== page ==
Why is storytelling an effective way to transmit information between people?

Parables, fables, myths, whatever you might call them, stories have always been part of human consciousness. Within recent decades, storytelling is recognized as a big component of advertising and ...
10
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2answers
826 views

Is remembering a list of words an example of semantic or episodic memory?

I'm having a hard time making a clear distinction between semantic and episodic memory. When presented with idealized examples, I find the breakdown clear; describing a trip to Paris is an example of ...
1
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1answer
121 views

Where do our memories get stored and how are they retrieved again?

In one of Karl Lashley's 1950 papers, it is pointed out that information is not stored locally in certain area of the brain. Instead, it's stored distributively over the structure of the brain. I'm ...
0
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2answers
110 views

Where do our memories get stored and how are they retrieved again?

There is a common knowledge that several brain areas are involved in memory processes and each area is involved in a different aspect of memory. But where do our memories get stored and how are they ...
0
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2answers
37 views

Which are the specifics of a memory that are lost first?

Background: In the last few days, I came across an experience that made me wonder how our brain manages "memory resources". As time progresses further from an experience I've had in my life, I ...
5
votes
2answers
170 views

Does writing something on computer help memorize it?

There is an interesting question on this site: Does writing something down help memorize it? Now my question is, does writing something on computer (i.e. using Word, Notepad, ...) help memorize it? ...
25
votes
4answers
1k views

Is multitasking a myth?

Often, the term 'multitasking' is applied to very busy and 'wired' people. There is an adage that women multitask better than men. My question is, do we actually multitask? If so, what are the ...
2
votes
1answer
85 views

What test could I use to measure the short-term memory capacity of a group of people?

I want to start a project about the best schedules for learning activities focused on college students. Since sleeping patterns are totally different in a young adult/teenager, and many of the classes ...
2
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0answers
65 views

Are partially forgotten memories still in your brain?

I have read articles such as... http://www.wired.com/2009/09/forgottenmemories/ and they say forgotten memories are still stored in your brain. What about partially remembered memories. For ...
1
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0answers
86 views

Does the self-reference effect extend to improved recall of 2nd-person text vs. 3rd-person text?

The self-reference effect has been widely researched in marketing for its ability to improve how favorably consumers remember a message, but less so for its ability to improve recall and learning of ...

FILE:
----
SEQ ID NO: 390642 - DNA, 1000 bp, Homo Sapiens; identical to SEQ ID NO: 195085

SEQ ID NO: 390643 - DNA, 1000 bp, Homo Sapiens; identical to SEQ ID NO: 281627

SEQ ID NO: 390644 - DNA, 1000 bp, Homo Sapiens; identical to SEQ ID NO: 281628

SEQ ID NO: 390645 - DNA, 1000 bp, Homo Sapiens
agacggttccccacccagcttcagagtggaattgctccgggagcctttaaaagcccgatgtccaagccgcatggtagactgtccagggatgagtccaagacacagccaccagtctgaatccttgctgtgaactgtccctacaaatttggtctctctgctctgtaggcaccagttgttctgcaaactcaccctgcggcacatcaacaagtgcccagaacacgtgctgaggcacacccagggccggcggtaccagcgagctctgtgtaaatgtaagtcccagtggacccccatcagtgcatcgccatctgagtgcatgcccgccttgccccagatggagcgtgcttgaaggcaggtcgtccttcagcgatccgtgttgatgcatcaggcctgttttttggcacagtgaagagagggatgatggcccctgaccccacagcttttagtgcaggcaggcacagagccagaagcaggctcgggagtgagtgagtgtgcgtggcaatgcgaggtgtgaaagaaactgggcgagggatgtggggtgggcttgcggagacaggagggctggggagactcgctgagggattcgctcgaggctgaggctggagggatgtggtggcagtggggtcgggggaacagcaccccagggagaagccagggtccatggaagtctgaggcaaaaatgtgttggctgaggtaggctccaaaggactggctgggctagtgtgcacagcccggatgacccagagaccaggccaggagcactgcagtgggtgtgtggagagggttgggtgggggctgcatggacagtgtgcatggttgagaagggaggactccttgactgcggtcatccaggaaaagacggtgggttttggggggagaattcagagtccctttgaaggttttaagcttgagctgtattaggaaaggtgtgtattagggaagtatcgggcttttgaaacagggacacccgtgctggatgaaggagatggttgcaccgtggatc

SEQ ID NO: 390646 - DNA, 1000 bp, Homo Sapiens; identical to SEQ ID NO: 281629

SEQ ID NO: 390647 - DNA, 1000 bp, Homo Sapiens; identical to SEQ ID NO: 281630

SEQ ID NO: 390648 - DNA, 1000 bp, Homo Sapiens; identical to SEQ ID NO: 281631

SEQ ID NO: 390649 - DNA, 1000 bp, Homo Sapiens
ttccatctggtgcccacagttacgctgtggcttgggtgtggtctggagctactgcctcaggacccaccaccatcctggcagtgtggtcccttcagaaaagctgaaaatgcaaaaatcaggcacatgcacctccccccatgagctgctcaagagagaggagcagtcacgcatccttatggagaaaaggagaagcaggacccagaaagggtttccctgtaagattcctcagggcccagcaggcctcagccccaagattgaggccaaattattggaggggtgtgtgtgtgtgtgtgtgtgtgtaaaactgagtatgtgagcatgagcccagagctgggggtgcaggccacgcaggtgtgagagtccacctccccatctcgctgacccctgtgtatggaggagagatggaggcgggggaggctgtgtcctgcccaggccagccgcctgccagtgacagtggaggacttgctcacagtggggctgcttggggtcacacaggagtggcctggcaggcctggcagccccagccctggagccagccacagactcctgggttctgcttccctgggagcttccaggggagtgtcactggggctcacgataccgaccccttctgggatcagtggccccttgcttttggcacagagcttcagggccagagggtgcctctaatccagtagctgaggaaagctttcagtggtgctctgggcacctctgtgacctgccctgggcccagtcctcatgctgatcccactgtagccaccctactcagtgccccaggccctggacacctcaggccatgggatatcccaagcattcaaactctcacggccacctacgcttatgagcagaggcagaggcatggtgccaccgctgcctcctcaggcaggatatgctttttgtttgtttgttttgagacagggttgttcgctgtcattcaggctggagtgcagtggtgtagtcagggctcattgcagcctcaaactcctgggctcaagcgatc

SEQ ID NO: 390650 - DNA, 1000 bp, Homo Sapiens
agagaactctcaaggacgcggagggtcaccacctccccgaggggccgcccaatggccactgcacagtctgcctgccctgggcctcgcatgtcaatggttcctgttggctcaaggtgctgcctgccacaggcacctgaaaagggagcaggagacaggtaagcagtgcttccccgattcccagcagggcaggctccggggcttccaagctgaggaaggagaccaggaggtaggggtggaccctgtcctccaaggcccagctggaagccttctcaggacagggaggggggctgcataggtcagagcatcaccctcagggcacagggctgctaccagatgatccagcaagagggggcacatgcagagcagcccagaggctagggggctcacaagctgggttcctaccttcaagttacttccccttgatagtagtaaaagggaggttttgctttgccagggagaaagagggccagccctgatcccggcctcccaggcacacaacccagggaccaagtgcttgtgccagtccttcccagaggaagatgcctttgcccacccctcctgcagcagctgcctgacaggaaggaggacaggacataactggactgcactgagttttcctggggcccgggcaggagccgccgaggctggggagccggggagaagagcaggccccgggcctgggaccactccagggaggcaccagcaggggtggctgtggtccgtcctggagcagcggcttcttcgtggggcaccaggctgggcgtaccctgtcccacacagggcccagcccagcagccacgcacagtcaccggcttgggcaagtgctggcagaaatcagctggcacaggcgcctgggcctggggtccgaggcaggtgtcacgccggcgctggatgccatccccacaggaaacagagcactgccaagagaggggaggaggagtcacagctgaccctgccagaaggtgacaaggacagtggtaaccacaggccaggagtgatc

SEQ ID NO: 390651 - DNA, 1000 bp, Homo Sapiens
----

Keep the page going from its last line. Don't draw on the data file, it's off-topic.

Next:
2
votes
1answer
62 views

Effectiveness of spaced learning when the data have personal meaning

There is much study of spaced learning (expanded retrieval, spaced retrieval, spaced repetition system, gradual-interval recall, etc), and much of the discussion is about around the optimal ...
4
votes
1answer
66 views

What are the predominant cognitive effects that influence textual learning and recall?

I am a rulebook writer and editor, and I have been digging into the literature for cognitive effects and heuristics that affect one's ability to learn and remember complicated concepts from text. For ...
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2answers
82 views

Can dreams be memorised?

Would it be possible to activate the human memory and "access" it by means of encouraging certain hormones, to assist a sleeping body to memorize dreams and later (meaning minutes, days, months or ...
0
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0answers
24 views

Is there any scientific evidence that nootropics improve synaptic plasticity / learning ability? [duplicate]

I'm attempting to learn a very specific skill (perfect pitch) and I'm considering nootropic supplements. While I can find plenty of websites offering these supplements and making big claims, I can't ...
1
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1answer
32 views

Why past events reappear in dreams after a certain delay?

I know that Freud in his "Interpretation of dreams" provides a number of examples of events influencing dreams several days to several months after the event has occurred. For example, a person sees a ...
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0answers
25 views

Is there any treatment for cognitive difficulties of patients with Parkinson's disease?

I've read some articles and science papers about Parkinson's disease and found out that many patients often have cognitive difficulties, if not all of them. For memory difficulty, medications to treat ...
5
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3answers
188 views

How do memories come up for no apparent reason? Is this evidence that we remember everything?

As I was driving, all of a sudden the name "Holden Caufield" came to my mind. It sounded really familiar. I googled the name and it was the main character in The Catcher in the Rye. The last time I ...